Alternation-based generalizations are stored in the mental grammar: Evidence from a sorting task experiment

  • 1 Albert-Ludwigs Universität Freiburg & Université Lille III


According to constructional approaches, grammar consists of an inventory of symbolic pairings of a syntactic form with an abstract meaning. Many of such so-called constructions can be perceived as having highly similar meanings: such pairs have been discussed under the name of alternations, especially in the domain of argument structure, for example the widely documented dative alternation (e.g. John gave Mary a book vs. John gave a book to Mary). This paper explores what status such pairs of constructions can be given in construction grammar, on the basis of a sorting task experiment.

Construction grammar traditionally recognizes generalizations of a common syntactic form over semantically similar sentences, but the status of higher-level generalizations of a common meaning over syntactically different forms is rarely discussed. In our study, we devised a sorting task that subjects could resolve by relying on generalizations of either of these two kinds. We find that subjects rely on alternation-based generalizations more often than purely constructional ones in their sorting behavior. We suggest these results show that generalizations of a common meaning between formally different constructions are plausible categories stored by speakers and should be given more attention in construction grammar research.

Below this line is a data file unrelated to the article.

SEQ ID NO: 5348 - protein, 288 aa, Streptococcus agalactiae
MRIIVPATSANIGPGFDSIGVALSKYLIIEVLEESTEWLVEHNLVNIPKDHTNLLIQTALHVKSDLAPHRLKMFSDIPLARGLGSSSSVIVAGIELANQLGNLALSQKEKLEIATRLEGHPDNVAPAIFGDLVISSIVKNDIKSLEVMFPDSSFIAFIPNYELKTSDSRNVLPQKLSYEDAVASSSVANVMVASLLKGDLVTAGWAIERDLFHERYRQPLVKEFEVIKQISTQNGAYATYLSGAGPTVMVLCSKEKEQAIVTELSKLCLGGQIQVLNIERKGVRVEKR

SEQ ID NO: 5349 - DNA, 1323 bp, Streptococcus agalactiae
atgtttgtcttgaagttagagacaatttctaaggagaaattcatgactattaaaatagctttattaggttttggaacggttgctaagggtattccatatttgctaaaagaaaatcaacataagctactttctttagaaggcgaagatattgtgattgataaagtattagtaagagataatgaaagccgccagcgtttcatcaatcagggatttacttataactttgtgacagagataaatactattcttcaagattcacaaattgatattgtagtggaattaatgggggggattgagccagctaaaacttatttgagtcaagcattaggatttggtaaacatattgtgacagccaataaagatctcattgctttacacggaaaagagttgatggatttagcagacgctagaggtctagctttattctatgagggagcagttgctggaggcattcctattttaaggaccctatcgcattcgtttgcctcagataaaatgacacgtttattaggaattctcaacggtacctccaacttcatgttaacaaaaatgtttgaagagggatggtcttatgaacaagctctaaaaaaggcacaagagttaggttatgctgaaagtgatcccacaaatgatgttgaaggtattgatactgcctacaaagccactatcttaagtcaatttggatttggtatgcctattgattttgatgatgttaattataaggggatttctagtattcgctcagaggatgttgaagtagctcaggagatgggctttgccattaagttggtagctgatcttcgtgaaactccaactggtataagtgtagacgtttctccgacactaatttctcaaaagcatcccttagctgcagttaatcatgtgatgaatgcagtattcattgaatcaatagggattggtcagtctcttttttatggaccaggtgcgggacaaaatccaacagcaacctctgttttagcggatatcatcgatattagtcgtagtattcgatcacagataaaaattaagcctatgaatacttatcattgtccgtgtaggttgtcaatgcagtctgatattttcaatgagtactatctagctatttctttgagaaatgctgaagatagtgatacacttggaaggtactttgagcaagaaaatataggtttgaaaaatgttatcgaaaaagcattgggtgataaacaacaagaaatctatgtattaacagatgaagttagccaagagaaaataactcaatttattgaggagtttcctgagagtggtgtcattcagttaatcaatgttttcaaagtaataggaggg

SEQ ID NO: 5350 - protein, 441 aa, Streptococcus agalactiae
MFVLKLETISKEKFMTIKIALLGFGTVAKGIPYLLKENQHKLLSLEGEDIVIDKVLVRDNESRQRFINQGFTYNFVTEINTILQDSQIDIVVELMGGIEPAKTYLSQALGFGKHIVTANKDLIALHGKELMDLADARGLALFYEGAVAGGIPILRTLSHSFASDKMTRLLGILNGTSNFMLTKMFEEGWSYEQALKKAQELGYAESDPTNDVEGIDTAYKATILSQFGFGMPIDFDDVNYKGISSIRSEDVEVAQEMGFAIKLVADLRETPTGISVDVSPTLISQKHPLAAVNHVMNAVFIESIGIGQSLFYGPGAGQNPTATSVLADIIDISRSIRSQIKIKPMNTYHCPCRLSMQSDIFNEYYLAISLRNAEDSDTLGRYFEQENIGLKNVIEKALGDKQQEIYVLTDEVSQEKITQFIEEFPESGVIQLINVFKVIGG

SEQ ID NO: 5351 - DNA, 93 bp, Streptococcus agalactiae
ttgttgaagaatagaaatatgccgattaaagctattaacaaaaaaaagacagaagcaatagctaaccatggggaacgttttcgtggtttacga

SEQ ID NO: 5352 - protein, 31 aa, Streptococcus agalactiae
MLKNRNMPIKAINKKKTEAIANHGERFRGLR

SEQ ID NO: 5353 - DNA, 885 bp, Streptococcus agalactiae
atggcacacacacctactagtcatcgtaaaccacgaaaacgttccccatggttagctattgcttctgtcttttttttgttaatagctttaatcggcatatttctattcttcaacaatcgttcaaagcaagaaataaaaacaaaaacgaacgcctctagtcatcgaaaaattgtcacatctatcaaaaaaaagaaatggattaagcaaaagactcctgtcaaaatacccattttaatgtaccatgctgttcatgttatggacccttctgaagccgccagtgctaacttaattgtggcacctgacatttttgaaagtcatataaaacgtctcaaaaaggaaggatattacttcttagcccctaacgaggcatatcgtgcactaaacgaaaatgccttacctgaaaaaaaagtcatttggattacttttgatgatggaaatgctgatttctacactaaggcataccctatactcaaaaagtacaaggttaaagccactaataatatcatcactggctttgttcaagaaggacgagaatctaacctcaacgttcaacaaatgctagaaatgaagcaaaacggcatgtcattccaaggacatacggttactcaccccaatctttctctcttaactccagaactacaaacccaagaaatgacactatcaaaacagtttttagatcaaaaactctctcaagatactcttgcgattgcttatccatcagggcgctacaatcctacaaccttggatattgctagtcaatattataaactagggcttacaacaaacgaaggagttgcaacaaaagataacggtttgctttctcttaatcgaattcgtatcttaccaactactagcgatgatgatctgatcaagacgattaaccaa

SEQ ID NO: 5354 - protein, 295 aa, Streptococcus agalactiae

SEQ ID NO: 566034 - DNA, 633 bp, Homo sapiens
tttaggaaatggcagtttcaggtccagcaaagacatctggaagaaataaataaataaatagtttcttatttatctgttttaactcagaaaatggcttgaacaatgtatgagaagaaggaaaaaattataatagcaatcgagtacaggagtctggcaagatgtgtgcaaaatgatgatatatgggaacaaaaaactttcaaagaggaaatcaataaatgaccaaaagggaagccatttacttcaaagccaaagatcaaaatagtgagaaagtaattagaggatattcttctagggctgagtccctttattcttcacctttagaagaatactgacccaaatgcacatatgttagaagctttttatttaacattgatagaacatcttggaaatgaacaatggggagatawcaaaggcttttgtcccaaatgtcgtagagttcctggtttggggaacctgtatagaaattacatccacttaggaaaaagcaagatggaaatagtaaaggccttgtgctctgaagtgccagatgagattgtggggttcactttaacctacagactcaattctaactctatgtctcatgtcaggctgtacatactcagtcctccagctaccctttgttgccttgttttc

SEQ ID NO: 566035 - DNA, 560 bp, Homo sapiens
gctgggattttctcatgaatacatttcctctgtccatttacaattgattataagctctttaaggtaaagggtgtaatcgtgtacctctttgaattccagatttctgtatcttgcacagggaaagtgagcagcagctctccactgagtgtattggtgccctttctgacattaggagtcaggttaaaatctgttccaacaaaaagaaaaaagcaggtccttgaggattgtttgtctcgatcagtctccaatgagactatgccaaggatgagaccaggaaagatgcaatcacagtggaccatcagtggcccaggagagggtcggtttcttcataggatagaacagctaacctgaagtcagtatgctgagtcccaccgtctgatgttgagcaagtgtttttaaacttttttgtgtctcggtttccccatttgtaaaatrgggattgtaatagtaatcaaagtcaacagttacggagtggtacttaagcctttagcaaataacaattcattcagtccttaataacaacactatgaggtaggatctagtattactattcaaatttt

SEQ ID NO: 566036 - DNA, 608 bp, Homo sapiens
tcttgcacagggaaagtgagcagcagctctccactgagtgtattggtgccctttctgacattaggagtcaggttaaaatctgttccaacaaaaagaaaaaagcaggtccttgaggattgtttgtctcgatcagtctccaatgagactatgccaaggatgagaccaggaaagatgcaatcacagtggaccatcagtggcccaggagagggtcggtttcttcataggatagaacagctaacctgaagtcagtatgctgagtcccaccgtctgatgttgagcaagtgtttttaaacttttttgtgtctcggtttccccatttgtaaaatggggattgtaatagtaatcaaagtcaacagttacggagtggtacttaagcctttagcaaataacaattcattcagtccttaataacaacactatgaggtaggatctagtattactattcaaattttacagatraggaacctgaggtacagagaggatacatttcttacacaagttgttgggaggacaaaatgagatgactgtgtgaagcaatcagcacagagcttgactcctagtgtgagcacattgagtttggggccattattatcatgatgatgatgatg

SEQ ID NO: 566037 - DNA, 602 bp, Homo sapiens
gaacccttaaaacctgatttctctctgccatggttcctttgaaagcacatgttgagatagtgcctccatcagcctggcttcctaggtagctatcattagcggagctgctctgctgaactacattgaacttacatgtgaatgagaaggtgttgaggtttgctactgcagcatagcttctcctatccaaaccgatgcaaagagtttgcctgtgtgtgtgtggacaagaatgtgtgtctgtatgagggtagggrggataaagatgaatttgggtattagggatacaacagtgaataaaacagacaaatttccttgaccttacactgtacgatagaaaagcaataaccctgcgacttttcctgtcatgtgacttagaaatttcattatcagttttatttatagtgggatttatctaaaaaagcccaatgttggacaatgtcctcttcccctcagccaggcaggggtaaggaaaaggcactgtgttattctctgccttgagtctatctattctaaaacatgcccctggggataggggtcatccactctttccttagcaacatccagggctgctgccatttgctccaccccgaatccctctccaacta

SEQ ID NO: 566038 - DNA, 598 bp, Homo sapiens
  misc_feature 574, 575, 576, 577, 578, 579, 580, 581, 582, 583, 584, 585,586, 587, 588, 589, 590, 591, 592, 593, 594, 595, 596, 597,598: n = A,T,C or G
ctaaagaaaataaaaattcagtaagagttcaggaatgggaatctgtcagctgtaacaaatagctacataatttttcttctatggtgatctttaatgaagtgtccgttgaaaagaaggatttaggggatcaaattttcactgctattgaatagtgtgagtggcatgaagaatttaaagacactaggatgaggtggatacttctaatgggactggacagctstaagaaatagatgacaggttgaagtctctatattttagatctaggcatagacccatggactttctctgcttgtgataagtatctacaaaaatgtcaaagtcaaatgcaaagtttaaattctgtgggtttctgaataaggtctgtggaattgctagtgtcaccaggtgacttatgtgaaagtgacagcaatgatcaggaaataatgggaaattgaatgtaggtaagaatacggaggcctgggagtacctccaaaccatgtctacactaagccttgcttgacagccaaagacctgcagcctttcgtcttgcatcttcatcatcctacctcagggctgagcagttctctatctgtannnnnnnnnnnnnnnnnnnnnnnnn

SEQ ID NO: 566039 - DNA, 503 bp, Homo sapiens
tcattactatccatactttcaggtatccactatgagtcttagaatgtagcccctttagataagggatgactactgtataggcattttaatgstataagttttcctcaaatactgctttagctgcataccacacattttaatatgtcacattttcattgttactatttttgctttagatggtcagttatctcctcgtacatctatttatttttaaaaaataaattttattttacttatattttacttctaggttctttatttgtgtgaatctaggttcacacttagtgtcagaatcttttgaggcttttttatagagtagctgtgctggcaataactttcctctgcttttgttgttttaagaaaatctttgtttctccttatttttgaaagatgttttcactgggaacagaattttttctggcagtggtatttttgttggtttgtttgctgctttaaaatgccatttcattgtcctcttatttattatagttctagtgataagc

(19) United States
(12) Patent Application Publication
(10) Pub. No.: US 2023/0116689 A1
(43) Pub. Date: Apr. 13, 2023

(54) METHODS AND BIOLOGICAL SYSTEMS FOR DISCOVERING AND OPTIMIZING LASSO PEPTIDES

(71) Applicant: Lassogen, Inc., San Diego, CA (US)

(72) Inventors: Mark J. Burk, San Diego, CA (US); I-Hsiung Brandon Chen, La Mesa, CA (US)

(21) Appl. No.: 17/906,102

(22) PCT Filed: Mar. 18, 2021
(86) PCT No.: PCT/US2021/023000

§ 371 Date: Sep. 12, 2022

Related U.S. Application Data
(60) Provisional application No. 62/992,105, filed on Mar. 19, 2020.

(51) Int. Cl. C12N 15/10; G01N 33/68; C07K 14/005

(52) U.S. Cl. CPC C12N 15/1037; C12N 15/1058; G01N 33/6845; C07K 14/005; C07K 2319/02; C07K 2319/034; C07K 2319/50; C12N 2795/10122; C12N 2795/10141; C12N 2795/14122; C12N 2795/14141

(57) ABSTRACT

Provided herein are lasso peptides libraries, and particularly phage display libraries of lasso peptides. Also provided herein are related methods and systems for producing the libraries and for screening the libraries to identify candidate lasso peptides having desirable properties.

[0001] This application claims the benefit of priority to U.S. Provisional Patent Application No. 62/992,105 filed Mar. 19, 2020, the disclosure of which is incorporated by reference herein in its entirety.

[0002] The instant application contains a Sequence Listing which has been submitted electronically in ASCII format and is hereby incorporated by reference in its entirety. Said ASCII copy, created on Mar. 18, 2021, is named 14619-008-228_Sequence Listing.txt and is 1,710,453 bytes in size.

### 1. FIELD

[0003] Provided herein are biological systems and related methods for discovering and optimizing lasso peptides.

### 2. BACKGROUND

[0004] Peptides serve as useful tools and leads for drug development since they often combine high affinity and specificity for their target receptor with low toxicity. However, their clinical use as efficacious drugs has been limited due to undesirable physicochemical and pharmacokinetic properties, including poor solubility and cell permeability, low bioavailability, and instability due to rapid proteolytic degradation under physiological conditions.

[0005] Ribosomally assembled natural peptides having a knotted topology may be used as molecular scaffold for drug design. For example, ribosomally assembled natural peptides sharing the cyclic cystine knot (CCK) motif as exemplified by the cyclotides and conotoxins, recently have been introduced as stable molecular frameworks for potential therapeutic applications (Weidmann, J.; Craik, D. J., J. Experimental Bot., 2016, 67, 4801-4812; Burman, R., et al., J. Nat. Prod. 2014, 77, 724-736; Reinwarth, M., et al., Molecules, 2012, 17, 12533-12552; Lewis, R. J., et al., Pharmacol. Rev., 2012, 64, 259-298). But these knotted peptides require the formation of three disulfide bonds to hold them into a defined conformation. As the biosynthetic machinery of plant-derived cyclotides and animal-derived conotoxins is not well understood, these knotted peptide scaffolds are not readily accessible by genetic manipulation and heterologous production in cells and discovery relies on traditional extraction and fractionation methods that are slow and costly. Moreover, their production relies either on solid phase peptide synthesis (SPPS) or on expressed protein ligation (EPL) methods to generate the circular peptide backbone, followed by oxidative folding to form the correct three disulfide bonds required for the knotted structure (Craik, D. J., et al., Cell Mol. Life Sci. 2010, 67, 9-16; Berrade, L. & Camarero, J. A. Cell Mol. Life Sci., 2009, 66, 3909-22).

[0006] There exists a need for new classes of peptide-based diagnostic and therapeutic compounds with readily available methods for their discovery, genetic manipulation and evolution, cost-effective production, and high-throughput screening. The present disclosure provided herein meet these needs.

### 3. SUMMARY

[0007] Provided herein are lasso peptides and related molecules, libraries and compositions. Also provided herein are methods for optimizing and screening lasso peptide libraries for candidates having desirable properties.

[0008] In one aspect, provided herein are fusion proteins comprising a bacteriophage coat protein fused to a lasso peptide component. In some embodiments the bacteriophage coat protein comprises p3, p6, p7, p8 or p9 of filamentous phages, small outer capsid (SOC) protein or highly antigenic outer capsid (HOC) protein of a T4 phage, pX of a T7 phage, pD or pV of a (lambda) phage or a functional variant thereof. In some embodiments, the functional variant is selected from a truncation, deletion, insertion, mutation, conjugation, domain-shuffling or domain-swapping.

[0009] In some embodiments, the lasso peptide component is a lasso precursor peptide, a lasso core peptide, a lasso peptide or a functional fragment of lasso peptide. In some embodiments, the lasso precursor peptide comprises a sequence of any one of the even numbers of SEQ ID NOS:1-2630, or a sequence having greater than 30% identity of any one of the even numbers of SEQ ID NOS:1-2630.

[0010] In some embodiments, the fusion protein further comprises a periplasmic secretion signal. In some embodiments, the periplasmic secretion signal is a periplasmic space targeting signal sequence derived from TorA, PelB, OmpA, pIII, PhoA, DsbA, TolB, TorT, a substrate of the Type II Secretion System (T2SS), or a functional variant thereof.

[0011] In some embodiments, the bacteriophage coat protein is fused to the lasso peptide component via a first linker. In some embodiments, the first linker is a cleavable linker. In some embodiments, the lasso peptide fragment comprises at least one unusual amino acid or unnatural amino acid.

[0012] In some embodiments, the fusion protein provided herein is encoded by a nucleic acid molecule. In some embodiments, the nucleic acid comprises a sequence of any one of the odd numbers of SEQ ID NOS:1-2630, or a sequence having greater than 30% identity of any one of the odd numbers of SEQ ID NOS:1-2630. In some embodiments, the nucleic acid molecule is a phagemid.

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Cognitive Linguistics presents a forum for linguistic research of all kinds on the interaction between language and cognition. The journal focuses on language as an instrument for organizing, processing and conveying information. It is devoted to high-quality research on topics such as the structural characteristics of natural language categorization and the functional principles of linguistic organization.